So often I felt like I had too much to do to go to sleep early or sleep in, to work out, write, meditate, or practice yoga. When I let those things slip, I blamed the balancing act of a demanding job and professional travel schedule and various projects and relationships in my personal life. I often felt like I was flying by the seat of my pants...
Fast forward to Kai's arrival. I knew he would need his mom, and I knew he would nurse every 1-3 hours for a while. Anyone who has actually nursed a newborn knows that the big surprise lives in the reality that when your babe nurses intheir first months, it's often for 45 minutes at a stretch. So when Kai nursed hourly at times during the day, that meant I had 15 minute windows to take care of myself and "get things done." New parents often choose between a shower or eating lunch when such windows of time arise, and MUST live with other things falling away, at least for a time.
Mamas and papas adjust quickest and easiest when they do two things:
- Surrender to the moment and to their baby's needs without trying to resist or change them, knowing that a time will come for doing other things; and
- Identify the one or two things that really, really matter to their sense of self, or feel unbelievably nurturing, and negotiate a way to do them.
Now to the second point. What feeds you? The answer may be intensely personal, or it may be somewhat universal. Here are some of the things parents in my classes do for themselves:
- Extra sleep - when you're working really hard, an extra hour of sleep makes a tremendous impact. Parents often achieve this by trading off an hour in the morning, and an hour in the evening with each another - one parent gets to go to sleep early, one gets to sleep in. If you don't have kids, pick a night each week to head to be early and a morning to sleep late, and don't compromise on that time! And single parents can have a relative or friend come over from time to time to make this possible.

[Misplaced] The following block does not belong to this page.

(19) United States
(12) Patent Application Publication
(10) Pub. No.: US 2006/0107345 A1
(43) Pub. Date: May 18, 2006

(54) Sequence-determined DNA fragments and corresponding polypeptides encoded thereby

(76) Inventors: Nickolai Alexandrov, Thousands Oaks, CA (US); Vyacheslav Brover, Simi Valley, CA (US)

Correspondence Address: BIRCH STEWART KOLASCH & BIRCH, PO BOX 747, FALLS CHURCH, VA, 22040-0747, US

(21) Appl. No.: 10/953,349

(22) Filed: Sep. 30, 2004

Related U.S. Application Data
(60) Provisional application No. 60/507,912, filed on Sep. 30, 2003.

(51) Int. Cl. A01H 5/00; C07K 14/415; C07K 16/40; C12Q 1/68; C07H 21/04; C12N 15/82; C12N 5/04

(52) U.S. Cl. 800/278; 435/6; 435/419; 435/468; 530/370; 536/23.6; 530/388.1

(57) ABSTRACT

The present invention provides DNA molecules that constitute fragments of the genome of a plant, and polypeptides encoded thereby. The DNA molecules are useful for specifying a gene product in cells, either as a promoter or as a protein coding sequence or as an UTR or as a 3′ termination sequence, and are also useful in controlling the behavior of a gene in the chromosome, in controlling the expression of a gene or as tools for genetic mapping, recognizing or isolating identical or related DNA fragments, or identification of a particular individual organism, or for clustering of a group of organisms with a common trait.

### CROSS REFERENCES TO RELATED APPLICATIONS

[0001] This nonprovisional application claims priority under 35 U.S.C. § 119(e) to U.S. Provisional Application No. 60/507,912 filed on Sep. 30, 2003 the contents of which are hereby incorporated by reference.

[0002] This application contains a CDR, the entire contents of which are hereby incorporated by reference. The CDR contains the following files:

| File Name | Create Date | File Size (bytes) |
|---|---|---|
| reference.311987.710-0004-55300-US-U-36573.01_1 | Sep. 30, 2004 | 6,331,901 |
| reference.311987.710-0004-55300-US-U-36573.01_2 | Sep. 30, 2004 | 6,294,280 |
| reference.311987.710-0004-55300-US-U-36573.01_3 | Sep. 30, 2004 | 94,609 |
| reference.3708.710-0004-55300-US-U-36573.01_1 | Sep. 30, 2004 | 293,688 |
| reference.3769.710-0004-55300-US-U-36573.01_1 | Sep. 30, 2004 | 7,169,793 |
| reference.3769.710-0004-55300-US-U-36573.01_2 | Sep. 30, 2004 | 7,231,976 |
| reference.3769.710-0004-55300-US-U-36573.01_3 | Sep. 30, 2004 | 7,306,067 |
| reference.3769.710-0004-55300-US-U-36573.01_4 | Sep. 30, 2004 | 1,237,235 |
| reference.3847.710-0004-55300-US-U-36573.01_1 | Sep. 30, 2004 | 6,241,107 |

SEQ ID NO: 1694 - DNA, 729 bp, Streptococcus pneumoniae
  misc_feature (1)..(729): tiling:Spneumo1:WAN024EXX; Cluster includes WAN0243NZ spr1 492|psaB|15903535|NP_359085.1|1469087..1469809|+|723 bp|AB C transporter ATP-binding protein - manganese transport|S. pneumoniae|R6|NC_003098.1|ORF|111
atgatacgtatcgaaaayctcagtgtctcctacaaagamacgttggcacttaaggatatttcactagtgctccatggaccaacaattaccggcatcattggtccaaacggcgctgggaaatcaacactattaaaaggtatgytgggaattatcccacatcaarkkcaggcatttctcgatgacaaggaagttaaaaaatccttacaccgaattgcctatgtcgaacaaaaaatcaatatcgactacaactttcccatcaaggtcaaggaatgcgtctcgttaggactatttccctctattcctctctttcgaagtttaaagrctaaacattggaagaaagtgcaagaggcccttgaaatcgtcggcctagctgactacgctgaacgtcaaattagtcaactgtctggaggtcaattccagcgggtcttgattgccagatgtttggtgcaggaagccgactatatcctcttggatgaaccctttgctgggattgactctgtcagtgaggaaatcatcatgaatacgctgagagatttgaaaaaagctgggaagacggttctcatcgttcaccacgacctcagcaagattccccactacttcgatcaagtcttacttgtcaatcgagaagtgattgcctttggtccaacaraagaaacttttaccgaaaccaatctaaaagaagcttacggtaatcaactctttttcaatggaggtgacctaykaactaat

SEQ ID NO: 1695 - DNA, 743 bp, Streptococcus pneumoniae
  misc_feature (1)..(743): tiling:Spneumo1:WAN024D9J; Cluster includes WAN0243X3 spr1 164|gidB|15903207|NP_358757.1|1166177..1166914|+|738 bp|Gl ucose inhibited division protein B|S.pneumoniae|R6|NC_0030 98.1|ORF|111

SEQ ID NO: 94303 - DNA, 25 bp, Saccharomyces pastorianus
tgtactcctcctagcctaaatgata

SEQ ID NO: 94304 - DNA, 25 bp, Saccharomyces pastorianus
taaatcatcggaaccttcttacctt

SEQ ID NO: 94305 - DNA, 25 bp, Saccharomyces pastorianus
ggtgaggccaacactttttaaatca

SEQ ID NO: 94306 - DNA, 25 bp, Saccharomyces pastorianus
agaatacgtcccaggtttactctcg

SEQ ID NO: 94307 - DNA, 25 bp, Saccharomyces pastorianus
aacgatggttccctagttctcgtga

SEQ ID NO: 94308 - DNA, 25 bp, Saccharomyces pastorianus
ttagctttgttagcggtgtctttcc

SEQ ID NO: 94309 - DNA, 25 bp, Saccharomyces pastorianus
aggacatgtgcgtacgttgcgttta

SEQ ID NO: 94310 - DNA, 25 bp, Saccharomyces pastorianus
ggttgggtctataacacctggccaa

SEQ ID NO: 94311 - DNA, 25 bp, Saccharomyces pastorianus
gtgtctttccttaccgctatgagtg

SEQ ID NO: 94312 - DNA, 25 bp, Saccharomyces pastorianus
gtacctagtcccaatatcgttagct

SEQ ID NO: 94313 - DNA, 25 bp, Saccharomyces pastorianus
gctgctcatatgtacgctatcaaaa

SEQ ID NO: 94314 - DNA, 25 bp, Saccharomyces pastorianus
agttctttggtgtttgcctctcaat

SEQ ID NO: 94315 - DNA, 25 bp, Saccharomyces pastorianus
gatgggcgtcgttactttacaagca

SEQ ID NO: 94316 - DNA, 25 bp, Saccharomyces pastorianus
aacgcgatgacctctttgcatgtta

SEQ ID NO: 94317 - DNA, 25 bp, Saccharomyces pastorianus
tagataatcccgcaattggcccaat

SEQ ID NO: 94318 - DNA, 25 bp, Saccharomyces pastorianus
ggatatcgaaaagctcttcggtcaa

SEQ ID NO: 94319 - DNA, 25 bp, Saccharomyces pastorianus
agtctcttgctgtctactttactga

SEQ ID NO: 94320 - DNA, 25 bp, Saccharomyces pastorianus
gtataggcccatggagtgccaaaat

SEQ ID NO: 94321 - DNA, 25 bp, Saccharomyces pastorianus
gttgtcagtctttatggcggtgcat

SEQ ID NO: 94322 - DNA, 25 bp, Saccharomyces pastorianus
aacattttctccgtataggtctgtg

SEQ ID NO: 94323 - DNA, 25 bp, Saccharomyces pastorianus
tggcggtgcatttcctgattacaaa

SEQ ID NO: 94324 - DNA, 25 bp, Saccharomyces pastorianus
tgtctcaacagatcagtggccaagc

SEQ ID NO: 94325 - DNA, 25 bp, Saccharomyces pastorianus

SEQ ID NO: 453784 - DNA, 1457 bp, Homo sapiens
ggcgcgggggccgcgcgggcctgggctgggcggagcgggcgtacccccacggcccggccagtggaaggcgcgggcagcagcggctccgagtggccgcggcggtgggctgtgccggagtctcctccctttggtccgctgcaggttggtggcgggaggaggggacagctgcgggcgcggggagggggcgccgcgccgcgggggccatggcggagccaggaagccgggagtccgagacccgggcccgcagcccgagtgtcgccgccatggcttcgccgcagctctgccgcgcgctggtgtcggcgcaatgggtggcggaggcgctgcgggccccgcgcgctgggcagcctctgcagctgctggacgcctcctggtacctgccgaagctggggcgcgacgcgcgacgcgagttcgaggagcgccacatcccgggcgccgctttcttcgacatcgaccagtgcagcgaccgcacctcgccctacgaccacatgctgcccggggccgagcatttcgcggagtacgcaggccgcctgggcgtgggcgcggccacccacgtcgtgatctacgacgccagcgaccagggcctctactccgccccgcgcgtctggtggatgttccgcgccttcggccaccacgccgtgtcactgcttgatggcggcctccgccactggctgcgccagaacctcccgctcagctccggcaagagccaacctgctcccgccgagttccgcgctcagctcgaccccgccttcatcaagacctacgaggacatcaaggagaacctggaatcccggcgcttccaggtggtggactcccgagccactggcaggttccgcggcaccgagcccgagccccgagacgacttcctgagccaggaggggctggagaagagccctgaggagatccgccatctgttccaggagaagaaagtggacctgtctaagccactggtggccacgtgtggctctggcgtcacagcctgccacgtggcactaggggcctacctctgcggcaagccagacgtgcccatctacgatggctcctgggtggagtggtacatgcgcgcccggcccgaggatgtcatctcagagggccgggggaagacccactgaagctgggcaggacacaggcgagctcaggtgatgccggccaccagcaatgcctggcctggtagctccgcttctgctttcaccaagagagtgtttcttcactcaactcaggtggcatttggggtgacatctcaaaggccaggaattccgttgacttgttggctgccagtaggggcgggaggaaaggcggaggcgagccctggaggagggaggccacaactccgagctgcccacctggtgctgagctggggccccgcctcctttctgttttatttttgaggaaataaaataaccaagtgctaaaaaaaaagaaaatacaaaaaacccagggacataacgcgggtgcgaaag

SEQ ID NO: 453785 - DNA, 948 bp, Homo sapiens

- Write - one mama I know realized that when her babe woke in the wee hours of the morning, then nursed back to sleep, she herself could actually stay awake for a bit and spend the time writing. This time made all the difference for her.
- Solitude or Time with friends - Introverts can use an hour or two to themselves for a recharge, while extroverts might need some time with good pals to decompress.
- Get a weekly massage
- Head to a yoga class once a week or do a few poses every day
- Go the gym or out for a run several times a week
- Meditate for a few minutes every day
I rarely compromise on the hour or two each morning of sleeping in that Bob makes possible. Lately, I stay up a little later in order to write these blog entries, because the time for reflection and sharing is really sustaining me. Each evening I work out in our living room with my husband as my trainer, and when I nurse Kai to sleep at night, I often use at least some of the time to quietly meditate.
When we feed our spirits, and that's what we're really talking about here, we recharge that infinite and ever-expanding supply of love that we have and make it much, much more available for the people (tiny or big) in our lives.
I'd love to know how you find the time to nurture yourself, and what you do! Send me an e-mail at lauren dot bellon at gmail dot com, or leave a comment!